Horn Riffs For DJ's Volume I (with Fred Wesley) (1992)

Maceo Parker

Go back up to the Non-Core/Non-Funk album list.

Track Listing:

Side One

Jams 1,2,3,4,5,6

Side Two

Jams 7,8,9,10,11,12,13,14,15


MT: Tuff City seems to like to create confusion with their copyright dates. The label on the record says 1992, but the sleeve says 1994!!! My guess is it was released in a blank jackets in 1992 and then cover art was done in '94. De La Soul used a sample from this on their 1993 album Buhloone Mindstate -- so a 94 release is unlikely.

This is the first and most consistant of the three P-Funk related sample discs (vinyl only) released by Tuff City Records. All three were recorded by DJ Mark the 45 King.

The first "Jam" is very cool. It's just Maceo -- jammin' acappella on a melody that sounds remniscent of Fat Back Band's "Wacki Wacky". It sounds like he's playing to some kind of track -- but we can't hear it. The whole first side is exclusively Maceo -- and has a lot of great, very sampleable stuff in it. Most of them have some kind of head -- whether these are classic soul songs or improvised melodies Maceo made up on the spot is hard to say. He makes them sound like songs by repeating the same things -- with improvised segments in the middle.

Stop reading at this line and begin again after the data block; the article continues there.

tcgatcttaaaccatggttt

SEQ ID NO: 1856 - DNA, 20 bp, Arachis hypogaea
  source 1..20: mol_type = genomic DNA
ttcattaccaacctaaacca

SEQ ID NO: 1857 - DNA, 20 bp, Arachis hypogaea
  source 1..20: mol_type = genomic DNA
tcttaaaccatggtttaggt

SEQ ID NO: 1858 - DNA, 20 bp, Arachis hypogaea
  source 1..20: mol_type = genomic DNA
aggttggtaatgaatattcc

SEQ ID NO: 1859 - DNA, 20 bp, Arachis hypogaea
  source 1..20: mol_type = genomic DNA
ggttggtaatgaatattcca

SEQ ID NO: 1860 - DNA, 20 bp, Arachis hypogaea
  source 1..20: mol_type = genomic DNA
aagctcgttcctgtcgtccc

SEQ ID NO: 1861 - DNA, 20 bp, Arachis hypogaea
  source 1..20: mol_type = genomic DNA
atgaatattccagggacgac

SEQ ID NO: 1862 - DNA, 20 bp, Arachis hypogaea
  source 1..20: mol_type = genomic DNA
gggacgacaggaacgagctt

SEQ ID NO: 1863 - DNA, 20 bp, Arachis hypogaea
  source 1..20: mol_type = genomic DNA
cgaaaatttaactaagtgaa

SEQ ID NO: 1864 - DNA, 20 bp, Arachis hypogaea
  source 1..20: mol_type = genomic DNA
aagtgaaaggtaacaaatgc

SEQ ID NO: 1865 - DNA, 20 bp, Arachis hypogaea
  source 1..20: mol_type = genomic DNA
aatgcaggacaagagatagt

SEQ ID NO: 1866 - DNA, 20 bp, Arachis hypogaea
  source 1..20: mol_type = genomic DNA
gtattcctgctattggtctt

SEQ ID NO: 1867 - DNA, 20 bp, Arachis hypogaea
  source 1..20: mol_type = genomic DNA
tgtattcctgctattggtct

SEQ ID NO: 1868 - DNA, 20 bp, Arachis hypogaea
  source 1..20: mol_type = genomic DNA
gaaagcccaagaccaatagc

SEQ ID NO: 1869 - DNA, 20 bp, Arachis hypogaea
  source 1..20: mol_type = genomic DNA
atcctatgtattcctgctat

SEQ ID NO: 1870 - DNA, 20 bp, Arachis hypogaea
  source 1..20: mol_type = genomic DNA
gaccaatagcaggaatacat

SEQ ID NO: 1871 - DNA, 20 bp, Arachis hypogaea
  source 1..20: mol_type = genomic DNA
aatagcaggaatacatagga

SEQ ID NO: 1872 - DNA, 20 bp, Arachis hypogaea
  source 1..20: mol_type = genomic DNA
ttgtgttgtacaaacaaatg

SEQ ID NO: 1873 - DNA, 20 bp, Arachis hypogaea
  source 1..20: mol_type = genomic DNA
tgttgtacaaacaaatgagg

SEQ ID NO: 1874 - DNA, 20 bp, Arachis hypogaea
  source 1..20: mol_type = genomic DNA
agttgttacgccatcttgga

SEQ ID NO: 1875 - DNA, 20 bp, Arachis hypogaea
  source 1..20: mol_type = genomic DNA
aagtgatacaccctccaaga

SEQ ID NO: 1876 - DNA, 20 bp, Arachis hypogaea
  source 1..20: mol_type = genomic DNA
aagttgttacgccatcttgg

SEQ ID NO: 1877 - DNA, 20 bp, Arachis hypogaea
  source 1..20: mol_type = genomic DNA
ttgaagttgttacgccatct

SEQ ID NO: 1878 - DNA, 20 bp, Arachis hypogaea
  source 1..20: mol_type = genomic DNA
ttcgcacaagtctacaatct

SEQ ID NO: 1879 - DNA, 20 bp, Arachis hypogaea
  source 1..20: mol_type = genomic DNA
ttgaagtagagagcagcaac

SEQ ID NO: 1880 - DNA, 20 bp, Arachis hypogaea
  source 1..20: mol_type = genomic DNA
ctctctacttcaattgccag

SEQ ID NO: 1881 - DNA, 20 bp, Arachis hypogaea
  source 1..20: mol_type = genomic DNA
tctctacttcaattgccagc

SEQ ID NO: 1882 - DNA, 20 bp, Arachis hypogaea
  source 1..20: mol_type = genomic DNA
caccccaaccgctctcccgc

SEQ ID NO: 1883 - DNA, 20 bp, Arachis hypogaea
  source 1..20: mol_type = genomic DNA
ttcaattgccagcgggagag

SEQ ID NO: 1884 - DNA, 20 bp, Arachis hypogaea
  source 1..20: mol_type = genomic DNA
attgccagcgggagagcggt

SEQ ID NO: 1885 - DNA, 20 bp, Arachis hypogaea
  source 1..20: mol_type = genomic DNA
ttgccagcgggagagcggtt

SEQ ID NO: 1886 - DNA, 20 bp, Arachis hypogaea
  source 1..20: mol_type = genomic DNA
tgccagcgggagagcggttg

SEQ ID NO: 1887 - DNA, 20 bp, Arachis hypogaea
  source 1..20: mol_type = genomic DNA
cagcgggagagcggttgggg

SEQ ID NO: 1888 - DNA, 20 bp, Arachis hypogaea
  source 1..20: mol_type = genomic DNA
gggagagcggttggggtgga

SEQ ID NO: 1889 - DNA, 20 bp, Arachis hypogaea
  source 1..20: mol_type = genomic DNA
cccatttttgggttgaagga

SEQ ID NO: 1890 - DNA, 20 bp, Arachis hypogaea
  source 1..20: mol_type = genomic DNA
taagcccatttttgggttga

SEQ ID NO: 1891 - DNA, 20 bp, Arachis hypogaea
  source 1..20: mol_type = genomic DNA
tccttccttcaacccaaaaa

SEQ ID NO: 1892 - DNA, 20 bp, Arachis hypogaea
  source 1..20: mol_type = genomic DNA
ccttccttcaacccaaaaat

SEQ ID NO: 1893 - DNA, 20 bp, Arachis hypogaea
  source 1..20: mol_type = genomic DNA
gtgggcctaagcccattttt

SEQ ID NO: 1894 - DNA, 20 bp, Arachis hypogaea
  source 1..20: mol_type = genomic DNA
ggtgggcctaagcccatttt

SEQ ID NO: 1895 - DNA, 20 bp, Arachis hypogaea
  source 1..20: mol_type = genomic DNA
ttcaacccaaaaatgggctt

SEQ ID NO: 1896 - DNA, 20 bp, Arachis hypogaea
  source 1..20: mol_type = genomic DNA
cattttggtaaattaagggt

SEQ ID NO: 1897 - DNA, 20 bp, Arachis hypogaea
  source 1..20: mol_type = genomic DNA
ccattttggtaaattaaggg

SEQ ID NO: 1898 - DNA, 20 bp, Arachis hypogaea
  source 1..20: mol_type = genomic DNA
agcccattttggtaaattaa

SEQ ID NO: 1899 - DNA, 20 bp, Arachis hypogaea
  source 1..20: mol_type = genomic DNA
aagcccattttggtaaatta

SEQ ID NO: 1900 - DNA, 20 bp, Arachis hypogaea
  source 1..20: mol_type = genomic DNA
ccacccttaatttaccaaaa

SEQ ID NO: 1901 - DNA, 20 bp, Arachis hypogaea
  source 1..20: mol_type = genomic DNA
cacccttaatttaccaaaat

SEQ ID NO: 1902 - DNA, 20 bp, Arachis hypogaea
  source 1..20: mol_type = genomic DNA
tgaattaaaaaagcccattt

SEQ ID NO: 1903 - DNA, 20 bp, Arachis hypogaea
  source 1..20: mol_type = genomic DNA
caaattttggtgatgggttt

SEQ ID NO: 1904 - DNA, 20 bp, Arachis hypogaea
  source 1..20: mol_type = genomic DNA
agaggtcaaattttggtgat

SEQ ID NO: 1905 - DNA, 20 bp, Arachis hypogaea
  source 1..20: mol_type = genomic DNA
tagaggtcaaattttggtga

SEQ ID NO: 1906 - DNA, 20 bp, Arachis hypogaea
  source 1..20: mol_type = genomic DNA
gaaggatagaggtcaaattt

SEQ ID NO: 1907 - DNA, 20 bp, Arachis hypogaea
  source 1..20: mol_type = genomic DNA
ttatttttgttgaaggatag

Fred joins Maceo on the second side. We get a jam of Fred and Maceo together. For the first part it sounds like they're rehearsing -- they're playing lines together, but not-so-together at first and you can hear them sort of mumbling to each other -- and likely giving body motions as they work the riffs out. Most likely they didn't know the tape was rolling or were under the impression that some of this would be edited out! After the one duet there is a lot of Fred playing solo, and a few more duets. The best parts are when they're just trading solos back in forth. Some of this is sloppy -- but it's not a RECORD, it's a sampling record -- and there's lot's of stuff to sample. There is more of a concentration of individual horn riffs on here than horn SECTION riffs -- like you will find some of on the George Clinton sample series. Overall this is a very good tool for producers (and DJ's as well, but a little bit less so). I think it's a good 40 to 45 minutes long too.